FDA grants Orphan designation to Boehringer Ingelheim's BI 836858 for myelodysplastic syndromes
Boehringer Ingelheim has announced that the FDA has granted Orphan Drug designation to its anti-CD33 monoclonal antibody BI 836858 for the treatment of myelodysplastic syndromes (MDS). Orphan Drug designation is granted by the FDA to investigational compounds intended for the safe and effective treatment, diagnosis or prevention of rare diseases or disorders that affect fewer than 200,000 people.
MDS are a group of bone marrow disorders. The bone marrow produces blood cells. In MDS, the bone marrow is characterized by cell abnormalities and ineffective blood cell production. Various subtypes of the disease exist with variable prognoses and treatment options. In some cases, MDS can progress to acute myeloid leukemia (AML), an aggressive and devastating blood cancer. According to data from the National Cancer Institute, an estimated 15,000 new cases of MDS are identified each year.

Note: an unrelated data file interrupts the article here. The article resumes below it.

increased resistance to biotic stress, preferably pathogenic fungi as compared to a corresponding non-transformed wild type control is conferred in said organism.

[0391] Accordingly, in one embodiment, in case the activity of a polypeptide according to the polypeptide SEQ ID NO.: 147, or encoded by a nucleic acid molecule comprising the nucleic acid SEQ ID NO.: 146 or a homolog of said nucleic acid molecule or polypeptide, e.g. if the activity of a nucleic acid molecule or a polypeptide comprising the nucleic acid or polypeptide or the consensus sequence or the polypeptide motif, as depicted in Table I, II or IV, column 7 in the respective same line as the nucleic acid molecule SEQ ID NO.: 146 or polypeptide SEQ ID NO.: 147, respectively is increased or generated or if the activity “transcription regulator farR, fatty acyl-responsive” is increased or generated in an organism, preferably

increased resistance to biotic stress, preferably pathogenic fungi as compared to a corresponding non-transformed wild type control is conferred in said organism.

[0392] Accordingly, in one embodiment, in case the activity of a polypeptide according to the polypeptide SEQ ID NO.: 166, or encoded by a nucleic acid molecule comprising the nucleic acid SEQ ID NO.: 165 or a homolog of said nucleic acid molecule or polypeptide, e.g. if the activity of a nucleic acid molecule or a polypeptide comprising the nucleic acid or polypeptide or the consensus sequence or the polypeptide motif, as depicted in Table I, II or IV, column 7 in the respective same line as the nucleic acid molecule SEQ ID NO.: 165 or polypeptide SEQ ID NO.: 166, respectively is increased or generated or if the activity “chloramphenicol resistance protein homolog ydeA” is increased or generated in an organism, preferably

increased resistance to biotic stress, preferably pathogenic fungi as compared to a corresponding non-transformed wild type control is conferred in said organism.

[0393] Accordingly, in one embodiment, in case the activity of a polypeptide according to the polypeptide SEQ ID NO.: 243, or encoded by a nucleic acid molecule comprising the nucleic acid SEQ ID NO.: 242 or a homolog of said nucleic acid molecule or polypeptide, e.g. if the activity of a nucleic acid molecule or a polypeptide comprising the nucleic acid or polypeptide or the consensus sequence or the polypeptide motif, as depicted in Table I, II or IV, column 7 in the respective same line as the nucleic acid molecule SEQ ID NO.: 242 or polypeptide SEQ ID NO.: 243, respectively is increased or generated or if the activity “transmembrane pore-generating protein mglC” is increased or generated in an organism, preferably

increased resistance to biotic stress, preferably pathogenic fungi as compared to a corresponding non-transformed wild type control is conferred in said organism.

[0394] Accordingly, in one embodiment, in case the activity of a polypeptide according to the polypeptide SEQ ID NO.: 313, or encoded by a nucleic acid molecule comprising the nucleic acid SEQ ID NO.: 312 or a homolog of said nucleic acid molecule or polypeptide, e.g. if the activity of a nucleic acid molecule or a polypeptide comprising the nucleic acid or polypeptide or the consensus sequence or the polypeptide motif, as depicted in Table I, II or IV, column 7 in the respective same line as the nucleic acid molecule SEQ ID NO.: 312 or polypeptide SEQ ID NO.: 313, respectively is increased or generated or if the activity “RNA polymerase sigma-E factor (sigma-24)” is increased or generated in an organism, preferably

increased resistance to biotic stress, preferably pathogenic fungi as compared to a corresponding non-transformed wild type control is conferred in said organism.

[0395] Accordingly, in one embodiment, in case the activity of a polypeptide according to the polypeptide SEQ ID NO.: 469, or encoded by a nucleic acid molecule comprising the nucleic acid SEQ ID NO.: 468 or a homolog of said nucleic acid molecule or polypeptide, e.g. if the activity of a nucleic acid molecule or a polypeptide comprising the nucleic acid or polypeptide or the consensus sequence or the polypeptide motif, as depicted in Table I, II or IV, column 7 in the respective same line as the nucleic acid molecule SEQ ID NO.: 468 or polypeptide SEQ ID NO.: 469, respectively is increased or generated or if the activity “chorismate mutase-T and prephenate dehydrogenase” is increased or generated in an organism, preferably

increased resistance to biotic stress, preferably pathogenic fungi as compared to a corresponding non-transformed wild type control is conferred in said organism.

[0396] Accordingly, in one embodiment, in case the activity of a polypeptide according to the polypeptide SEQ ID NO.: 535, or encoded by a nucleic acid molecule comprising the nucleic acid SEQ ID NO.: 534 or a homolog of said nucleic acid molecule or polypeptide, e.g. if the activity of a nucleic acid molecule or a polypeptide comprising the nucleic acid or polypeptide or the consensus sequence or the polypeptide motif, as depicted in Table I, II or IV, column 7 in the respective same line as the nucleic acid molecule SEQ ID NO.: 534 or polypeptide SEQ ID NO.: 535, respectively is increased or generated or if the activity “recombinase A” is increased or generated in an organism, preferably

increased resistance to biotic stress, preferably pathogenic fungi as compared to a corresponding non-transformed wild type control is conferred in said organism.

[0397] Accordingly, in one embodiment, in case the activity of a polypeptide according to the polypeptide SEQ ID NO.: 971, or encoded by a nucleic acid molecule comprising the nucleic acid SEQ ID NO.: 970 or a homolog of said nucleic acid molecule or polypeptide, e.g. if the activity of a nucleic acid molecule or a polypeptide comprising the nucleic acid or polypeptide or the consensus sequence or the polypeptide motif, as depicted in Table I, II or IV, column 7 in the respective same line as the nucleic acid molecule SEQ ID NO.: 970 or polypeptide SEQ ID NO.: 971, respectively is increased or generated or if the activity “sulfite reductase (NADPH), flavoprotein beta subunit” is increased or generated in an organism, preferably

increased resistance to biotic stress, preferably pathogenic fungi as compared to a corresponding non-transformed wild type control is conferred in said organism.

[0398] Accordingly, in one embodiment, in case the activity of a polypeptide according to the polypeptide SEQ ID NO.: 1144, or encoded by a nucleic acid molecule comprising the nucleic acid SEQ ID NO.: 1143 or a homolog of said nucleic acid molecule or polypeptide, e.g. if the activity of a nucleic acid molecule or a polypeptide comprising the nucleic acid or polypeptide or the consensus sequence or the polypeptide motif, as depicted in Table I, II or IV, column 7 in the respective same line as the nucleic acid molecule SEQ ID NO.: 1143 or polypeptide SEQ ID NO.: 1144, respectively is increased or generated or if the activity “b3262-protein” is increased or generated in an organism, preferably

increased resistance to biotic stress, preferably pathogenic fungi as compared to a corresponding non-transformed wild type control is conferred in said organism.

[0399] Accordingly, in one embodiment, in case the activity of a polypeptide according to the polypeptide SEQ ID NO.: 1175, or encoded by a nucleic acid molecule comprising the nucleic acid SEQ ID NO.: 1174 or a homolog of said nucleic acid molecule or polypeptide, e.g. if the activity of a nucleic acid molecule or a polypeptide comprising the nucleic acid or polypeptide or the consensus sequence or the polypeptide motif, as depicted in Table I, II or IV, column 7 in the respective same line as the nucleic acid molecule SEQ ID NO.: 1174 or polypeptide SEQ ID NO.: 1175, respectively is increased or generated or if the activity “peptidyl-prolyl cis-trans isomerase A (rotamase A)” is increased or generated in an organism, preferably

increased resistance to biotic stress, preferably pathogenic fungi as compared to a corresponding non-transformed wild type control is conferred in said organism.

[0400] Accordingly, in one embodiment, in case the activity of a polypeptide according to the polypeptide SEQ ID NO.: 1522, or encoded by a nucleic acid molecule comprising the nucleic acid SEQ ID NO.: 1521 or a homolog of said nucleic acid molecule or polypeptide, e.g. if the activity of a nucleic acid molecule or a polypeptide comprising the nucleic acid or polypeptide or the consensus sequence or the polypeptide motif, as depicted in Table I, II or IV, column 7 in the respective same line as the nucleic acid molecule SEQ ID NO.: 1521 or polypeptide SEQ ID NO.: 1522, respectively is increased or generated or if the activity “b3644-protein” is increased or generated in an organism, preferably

"Preclinical studies with our anti-CD33 monoclonal antibody have shown promising therapeutic potential in myelodysplastic syndromes, a rare group of bone marrow disorders," said Martina Flammer, M.D., vice president, Clinical Development & Medical Affairs Specialty Care, Boehringer Ingelheim. "Orphan Drug designation for our investigational candidate in MDS is an important recognition of our ongoing research efforts and underscores Boehringer Ingelheim's commitment to studying treatment options for rare cancers."
A phase I/II multicenter, open-label, dose escalation and randomized trial evaluating BI 836858 in patients with MDS is ongoing. BI 836858 previously received orphan drug designation for the treatment of patients with AML and is currently being evaluated as part of the Leukemia & Lymphoma Society's (LLS) groundbreaking, first-of-its-kind Beat AML Master trial program to advance treatment for patients with AML. Using the latest genomic technology, the trial finds and matches specific AML mutations in newly-diagnosed patients over the age of 60 with an investigational drug or drugs best suited to attack the specific genetic mutations found within the cancer.